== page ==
Early spring is a magical time in northern Idaho. This is the time
when the sweet spring vegetation fills the air with a perfume aroma.
The beautiful June berry scrubs are adorned with white flowers that
provide a beautiful contrast to the velvet green carpet of annual
grasses that are evident in all the open areas.
I had recently moved to the Northwest and found that springtime in
Northern Idaho is known for its superb black bear hunting. From my
office window I could see the wildlife was becoming very active after
a long, cold winter. I knew that the availability of so much food
tempted the hibernating animals to indulge. Animals like the elusive
black bear would be on the prowl for a good meal.
While this was appealing to me, my winter and spring schedules had
been quite hectic and afforded me little opportunity to properly scout
the best areas.
A local pastor contacted me about a speaking engagement for his
church and asked if a "guided bear-hunting trip" would be enough
incentive to compensate for my normal speaking fees. I graciously
accepted and set a time to work in a hunt between commitments.
On my drive to the Sandpoint, Idaho, area, I remember sharing a
request of God that went something like, "Dear God, because You are in
control of all things I know You can deliver a bear to me if You
desire. I have worked very hard in ministry this past year and would
really appreciate a chance to take a good bear. I know this is
somewhat of a selfish and insignificant request, but it would please
my heart so to be allowed the privilege of harvesting one of these
wonderful critters. Your Word tells us that You like to give a
righteous man the desires of his heart. And so, my Lord, I humbly ask
You to assist us with this hunt."
Upon arriving in Sandpoint, I met Clint Gray, a very talented young
guide, who had just purchased Buck Shot Outfitting. His background and
education in fish and wildlife management plus his forestry work had
prepared him well for the opportunity to help guide folks into some
rugged terrain. While most outfitters in this area use bait as a way
to attract their bears, Clint believes in spotting and stalking as a
challenging way to take a bear.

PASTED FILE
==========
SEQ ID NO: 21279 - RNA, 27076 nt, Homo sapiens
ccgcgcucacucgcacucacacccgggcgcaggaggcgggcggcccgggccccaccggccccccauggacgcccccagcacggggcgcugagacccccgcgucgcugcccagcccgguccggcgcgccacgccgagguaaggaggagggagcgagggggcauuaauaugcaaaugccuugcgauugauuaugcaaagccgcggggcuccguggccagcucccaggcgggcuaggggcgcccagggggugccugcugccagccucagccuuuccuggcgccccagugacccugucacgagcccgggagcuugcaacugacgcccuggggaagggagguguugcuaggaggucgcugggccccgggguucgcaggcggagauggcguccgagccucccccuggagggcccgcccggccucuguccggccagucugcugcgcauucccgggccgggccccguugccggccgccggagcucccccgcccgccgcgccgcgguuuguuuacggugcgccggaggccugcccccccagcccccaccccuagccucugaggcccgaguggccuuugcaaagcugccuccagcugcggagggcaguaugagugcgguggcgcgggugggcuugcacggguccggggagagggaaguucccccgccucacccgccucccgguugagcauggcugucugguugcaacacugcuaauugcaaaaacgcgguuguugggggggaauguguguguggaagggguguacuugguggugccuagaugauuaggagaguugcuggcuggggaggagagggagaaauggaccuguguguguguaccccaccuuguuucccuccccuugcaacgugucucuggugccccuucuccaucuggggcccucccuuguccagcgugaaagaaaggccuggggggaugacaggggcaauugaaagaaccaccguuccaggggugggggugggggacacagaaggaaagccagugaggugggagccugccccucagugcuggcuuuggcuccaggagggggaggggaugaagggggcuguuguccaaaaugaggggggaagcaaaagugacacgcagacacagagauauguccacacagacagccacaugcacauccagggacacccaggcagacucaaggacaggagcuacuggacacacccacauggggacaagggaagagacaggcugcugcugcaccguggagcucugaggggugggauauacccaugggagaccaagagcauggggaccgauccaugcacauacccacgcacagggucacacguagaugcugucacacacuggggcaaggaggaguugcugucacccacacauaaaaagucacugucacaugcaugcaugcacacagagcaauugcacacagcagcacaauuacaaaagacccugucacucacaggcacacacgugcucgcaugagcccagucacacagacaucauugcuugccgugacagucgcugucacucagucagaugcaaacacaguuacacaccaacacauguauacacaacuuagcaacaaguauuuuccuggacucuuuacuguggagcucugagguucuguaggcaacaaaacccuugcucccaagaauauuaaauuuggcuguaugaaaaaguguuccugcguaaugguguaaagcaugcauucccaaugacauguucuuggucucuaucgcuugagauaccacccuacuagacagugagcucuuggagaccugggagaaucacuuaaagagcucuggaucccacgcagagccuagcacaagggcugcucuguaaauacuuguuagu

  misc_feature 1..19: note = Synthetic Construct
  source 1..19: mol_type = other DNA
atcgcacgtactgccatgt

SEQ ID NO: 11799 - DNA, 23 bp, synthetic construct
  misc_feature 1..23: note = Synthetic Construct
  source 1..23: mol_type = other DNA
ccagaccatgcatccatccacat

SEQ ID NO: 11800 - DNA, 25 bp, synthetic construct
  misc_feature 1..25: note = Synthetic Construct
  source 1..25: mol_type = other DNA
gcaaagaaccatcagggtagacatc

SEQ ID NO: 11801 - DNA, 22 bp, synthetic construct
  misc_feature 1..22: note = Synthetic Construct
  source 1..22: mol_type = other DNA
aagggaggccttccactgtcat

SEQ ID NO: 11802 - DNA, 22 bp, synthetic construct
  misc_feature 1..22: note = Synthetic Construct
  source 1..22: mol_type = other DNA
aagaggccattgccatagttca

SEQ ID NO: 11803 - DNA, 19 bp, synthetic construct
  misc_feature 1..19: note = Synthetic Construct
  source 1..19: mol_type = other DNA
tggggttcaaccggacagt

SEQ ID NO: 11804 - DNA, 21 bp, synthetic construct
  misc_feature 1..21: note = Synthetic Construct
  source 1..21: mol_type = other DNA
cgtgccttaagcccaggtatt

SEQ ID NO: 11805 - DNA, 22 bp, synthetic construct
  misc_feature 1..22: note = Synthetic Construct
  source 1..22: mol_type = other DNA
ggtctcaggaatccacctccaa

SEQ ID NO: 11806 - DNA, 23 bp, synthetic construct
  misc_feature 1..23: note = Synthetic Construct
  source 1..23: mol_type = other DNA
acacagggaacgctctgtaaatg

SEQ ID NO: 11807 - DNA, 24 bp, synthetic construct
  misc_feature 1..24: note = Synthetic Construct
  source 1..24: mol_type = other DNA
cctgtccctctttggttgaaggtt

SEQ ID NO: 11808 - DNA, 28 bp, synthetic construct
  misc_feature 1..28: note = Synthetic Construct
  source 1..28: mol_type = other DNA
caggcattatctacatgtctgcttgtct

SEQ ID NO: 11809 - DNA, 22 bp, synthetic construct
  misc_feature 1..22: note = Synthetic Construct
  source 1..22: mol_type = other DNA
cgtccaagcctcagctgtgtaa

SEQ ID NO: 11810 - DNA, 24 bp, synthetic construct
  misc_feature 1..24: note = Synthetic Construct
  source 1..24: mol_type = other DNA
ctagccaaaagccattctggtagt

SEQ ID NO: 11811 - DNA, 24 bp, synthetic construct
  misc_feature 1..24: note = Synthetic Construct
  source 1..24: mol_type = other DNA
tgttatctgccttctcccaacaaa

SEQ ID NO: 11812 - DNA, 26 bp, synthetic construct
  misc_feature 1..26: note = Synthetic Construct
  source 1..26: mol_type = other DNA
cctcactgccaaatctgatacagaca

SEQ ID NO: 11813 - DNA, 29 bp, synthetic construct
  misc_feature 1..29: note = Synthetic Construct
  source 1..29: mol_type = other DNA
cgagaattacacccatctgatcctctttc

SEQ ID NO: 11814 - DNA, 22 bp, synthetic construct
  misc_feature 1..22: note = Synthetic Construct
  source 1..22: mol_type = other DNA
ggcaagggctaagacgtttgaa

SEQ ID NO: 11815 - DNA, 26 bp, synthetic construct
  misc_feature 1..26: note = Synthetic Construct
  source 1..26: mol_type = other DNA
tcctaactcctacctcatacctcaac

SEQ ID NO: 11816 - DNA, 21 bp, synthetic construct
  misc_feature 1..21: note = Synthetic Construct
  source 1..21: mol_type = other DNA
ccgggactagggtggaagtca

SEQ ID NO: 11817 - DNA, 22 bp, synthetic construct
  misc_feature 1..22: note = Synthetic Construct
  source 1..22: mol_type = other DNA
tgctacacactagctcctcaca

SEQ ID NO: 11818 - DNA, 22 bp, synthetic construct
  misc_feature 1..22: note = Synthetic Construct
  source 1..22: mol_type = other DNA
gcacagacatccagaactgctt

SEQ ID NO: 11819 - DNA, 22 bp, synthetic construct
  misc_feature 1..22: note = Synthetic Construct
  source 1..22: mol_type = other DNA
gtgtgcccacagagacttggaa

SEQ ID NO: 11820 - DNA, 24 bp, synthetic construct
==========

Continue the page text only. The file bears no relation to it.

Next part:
Upon my arrival I was greeted with the news that early scouting
reports didn''t look very good. It seemed that because of an unusually
heavy snowfall, the early grasses were just beginning to appear.
Clint lamented, "The bears went into hibernation early due to an
unseasonable snowfall and lack of food. They also came out early but
very thin. The grass areas are very spotty and provide limited food
supply for the hungry bears."
The first night we surveyed with our binoculars (glassed) several
wooded areas and finally found a bear working the upper edge of a
grassy hillside about two miles from our location. We only had two
hours of light left. This gave us barely enough time to scamper up
the steep, brushy bank. We planned our stalk to climb a section of
mountain that would come out about a quarter-mile from where the bear
As we worked our way through the heavy downfall, we knew our
presence was being announced with the periodic snapping of dry limbs
and debris. I rememlber that it was like walking on a conveyor belt
covered with potato chips. As we crept around the dense vegetation
separating us from the feeding bear our confident expectation that the
bear would still be there was quickly eliminated. Sure enough, the
bear was no longer holding in the same location. Clint reckoned that
"most likely he heard us stalking through the heavy timber and
departed with the first snap of a twig."
The disappointing hike back to the truck gave us plenty of time to
remember that spotting and stalking bear was a challenging exercise at
best. The darkness of the evening covered our look of defeat.
The next morning we began scouting a variety of areas with no
success. We saw plenty of signs but no bear. The late afternoon
approached with a cold front and a small storm that further hampered
our efforts in locating bear. As Clint began asking me questions
about when I would again have time to come up and do some hunting, I
realized that without assistance from the Creator this trip would be
recorded in Clint''s guide book as "an opportunity to get plenty of
After strolling through a couple of areas and seeing no sign, Clint
decided to check out one more area before we headed home. The previous
year, while doing a timber job, he had seen a nice chocolate bear in
that area. We pulled our truck onto a dirt road and parked at a gate.
The short walk to the meadow was filled with silence as both of us
felt exhaustion and disappointment from hunting since 5:00 A.M.
After about ten minutes, I could see the open area at the end of the
path. I decided to quietly chamber a round and put on my safety. The
sun was beginning to set, and the remaining light was only going to
last another few minutes. We carefully moved along the perimeter
looking for any dark, fuzzy objects. As we initially peered around